I have been able to locate five fairly recent studies on gratitude and aging. These studies come from countries throughout the world and focus on a variety of implications of gratitude. I’ll summarize them briefly.
- Gratitude leads to less loneliness in the Netherlands. 163 Dutch adults between 41 and 92 were studied. Analysis showed that people who practiced gratitude experienced less loneliness (a common problem among many senior adults). 
- Gratitude enhances wellbeing in England. Study of 88 people between 60-91 in northern England. They were given a baseline questionnaire. Then, for 14 days they kept a “three good things” diary. After that they took the questionnaire again, and then again in another month. “The ﬁndings of this study suggest that the three good things gratitude diary can enhance eudemonic wellbeing and reduce perceived stress in a population of older adults.” So, gratitude leads to overall flourishing and less stress. 
- Gratitude lessens anxiety and depression in Spain. 46 people studied in Spain, 60-93 years, with average age 71. The researchers report: “We employed a program which consists of training based on autobiographical memory, forgiveness and gratitude. State and trait anxiety, depression, general memory, specific memories, life satisfaction and subjective happiness were measured. The results revealed that participants who followed the program (experimental group) showed a significant decrease in state anxiety and depression as well as an increase in specific memories, life satisfaction and subjective happiness, compared with the placebo group. Conclusion: Our program offers promising results and provides new evidence for the effectiveness of positive interventions in the field of psychogerontology, helping increase subjective well-being and quality of life in older adults by focusing interventions on the enhancement of personal and social resources for being happy.”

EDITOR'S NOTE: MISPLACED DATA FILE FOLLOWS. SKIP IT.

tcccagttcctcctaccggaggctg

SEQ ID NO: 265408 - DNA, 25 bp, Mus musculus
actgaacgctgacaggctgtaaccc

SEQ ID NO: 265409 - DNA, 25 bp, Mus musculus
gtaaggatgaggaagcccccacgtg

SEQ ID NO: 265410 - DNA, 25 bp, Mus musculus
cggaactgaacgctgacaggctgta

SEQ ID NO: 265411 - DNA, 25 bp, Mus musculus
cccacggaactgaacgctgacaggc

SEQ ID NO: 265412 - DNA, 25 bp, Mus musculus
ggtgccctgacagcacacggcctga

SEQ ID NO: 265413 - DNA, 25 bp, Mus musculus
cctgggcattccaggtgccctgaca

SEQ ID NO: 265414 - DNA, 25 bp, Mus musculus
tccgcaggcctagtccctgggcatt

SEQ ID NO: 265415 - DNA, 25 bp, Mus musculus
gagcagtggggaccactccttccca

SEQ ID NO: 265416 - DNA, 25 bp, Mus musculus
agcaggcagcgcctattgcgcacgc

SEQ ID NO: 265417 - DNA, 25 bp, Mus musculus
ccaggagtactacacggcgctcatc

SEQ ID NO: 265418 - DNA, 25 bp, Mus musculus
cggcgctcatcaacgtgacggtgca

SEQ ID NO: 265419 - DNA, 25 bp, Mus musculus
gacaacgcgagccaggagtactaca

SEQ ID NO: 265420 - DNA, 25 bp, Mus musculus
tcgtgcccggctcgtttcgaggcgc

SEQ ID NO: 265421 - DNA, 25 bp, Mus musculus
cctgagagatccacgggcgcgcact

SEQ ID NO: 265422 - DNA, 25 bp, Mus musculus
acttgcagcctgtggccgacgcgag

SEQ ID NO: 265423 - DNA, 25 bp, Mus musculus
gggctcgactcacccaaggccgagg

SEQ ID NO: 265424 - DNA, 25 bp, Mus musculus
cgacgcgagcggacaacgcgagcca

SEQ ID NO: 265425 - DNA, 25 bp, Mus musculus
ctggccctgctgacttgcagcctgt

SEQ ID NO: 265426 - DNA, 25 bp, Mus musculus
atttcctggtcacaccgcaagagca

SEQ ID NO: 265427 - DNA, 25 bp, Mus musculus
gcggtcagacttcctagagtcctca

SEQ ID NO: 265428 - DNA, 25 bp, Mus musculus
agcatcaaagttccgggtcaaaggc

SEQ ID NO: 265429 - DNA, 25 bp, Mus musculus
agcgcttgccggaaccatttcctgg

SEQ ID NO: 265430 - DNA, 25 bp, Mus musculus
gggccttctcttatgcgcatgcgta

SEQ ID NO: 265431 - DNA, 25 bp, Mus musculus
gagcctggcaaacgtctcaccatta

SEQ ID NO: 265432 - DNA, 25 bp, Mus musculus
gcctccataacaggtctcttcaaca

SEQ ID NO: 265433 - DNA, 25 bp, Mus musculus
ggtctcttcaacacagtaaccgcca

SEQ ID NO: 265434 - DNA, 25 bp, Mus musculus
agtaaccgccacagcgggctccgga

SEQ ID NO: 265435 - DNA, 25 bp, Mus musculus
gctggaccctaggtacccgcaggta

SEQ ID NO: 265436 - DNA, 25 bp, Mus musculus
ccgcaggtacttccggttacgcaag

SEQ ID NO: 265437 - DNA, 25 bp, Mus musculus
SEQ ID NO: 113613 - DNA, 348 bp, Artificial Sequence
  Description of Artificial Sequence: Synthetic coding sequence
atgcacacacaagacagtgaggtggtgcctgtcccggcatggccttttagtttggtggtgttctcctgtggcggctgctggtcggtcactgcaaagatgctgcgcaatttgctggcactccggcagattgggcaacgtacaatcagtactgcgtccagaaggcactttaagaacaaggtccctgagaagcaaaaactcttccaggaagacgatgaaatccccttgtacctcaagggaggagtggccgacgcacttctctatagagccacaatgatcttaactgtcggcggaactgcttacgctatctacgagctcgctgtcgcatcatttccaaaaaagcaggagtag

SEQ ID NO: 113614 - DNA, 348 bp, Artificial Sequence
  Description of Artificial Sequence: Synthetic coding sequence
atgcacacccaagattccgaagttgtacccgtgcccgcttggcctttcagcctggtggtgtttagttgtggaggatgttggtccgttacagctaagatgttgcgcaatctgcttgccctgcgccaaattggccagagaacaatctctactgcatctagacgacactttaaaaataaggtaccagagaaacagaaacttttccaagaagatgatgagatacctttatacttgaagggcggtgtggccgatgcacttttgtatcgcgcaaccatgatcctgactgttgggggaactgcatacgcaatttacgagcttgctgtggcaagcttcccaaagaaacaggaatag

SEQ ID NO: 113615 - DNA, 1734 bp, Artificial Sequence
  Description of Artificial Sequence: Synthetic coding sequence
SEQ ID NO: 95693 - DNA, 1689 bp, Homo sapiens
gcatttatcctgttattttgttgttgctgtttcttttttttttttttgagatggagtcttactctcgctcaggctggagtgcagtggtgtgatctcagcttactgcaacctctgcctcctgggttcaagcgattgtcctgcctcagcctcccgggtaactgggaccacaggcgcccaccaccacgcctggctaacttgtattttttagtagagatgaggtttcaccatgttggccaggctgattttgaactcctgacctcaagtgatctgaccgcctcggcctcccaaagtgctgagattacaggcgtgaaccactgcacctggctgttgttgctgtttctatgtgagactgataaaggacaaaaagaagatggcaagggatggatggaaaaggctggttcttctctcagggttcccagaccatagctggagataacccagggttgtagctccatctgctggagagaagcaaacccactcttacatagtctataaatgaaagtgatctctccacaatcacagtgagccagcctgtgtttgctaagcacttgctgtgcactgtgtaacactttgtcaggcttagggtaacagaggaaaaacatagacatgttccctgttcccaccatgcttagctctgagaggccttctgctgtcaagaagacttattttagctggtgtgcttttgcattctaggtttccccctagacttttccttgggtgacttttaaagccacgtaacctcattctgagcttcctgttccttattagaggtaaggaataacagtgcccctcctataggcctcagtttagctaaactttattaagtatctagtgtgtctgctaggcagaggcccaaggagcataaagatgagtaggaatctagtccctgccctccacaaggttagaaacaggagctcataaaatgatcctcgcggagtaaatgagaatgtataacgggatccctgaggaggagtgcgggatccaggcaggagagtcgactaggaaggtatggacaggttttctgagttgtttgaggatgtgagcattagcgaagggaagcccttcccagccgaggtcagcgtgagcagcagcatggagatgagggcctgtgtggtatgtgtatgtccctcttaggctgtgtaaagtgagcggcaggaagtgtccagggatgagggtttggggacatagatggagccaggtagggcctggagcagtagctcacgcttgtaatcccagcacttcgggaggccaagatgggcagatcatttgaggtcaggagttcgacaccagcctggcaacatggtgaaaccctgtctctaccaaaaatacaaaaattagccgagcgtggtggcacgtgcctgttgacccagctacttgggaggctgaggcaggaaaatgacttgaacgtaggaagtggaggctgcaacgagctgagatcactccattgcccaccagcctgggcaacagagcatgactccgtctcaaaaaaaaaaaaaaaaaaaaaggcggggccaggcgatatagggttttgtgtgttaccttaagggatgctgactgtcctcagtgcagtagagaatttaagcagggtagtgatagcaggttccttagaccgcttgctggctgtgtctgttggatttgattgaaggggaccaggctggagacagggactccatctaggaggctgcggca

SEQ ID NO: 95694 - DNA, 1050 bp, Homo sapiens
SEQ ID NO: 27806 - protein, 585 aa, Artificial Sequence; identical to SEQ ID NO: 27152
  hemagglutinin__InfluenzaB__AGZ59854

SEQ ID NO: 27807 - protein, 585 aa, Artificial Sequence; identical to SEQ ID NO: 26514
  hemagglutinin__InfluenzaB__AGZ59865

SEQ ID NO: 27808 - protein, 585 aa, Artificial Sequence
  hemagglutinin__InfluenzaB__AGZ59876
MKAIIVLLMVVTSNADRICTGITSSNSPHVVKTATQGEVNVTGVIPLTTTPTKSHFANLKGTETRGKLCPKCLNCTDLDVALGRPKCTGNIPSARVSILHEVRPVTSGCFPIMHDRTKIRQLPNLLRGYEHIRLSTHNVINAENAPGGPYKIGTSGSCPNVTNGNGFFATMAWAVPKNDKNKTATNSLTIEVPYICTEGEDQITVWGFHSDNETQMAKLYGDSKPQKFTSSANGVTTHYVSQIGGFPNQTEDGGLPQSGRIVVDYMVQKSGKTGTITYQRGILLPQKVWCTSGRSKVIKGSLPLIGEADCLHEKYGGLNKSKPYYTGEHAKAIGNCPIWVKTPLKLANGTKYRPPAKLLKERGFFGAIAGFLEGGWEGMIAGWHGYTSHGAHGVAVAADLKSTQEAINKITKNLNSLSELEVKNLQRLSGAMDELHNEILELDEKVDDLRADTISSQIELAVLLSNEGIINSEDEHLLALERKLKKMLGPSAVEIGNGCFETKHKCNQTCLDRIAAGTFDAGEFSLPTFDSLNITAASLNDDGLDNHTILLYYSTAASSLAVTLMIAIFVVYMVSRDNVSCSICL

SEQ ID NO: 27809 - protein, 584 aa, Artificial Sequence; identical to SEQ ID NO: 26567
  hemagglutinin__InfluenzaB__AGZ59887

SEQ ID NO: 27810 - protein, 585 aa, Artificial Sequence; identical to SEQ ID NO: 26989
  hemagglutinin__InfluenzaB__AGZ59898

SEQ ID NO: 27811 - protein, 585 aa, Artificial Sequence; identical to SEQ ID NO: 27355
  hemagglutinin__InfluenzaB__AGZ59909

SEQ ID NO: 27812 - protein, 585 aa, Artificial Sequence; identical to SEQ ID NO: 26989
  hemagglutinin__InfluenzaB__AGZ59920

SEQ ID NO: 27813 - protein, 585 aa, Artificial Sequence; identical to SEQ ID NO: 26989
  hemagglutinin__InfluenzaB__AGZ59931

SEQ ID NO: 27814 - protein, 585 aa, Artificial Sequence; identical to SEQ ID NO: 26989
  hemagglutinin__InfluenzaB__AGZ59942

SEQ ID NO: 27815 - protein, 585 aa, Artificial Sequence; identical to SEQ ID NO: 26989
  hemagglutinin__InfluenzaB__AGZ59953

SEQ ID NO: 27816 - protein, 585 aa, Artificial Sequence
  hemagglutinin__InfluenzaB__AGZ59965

- Gratitude leads to less fear of frailty among older adults in Sweden. 24 community-dwelling adults in a smaller urban community in western Sweden, with mean age of 81 years and a range of 77–90. Study focused on fear of frailty among older adults, something common for people in the latter stage of the third third. People had less fear of frailty if they had: “sufficient bodily resources for security and opportunities,” “structures that promote security and opportunities,” “feeling valuable in relation to the outside world,” and “choosing gratitude instead of worries.” Note: choosing gratitude instead of worries contributed significantly to less fear of frailty. 
- Gratitude helps people feel less anxiety about death in China. 83 older adults, mean age 62.7. Assigned to three groups, to record gratitude, hassle, neutral. Question: Does gratitude help people feel less anxiety about their own death? “Participants in the gratitude induction reported lower death anxiety than the hassle and the neutral condition. . . .” “By reexamining life events with a thankful attitude, people may become less fearful of death due to a sense that life has been well-lived. Because gratitude can be induced using a very brief procedure, there are broad applications in clinical and health-care settings for the relief of death anxiety.”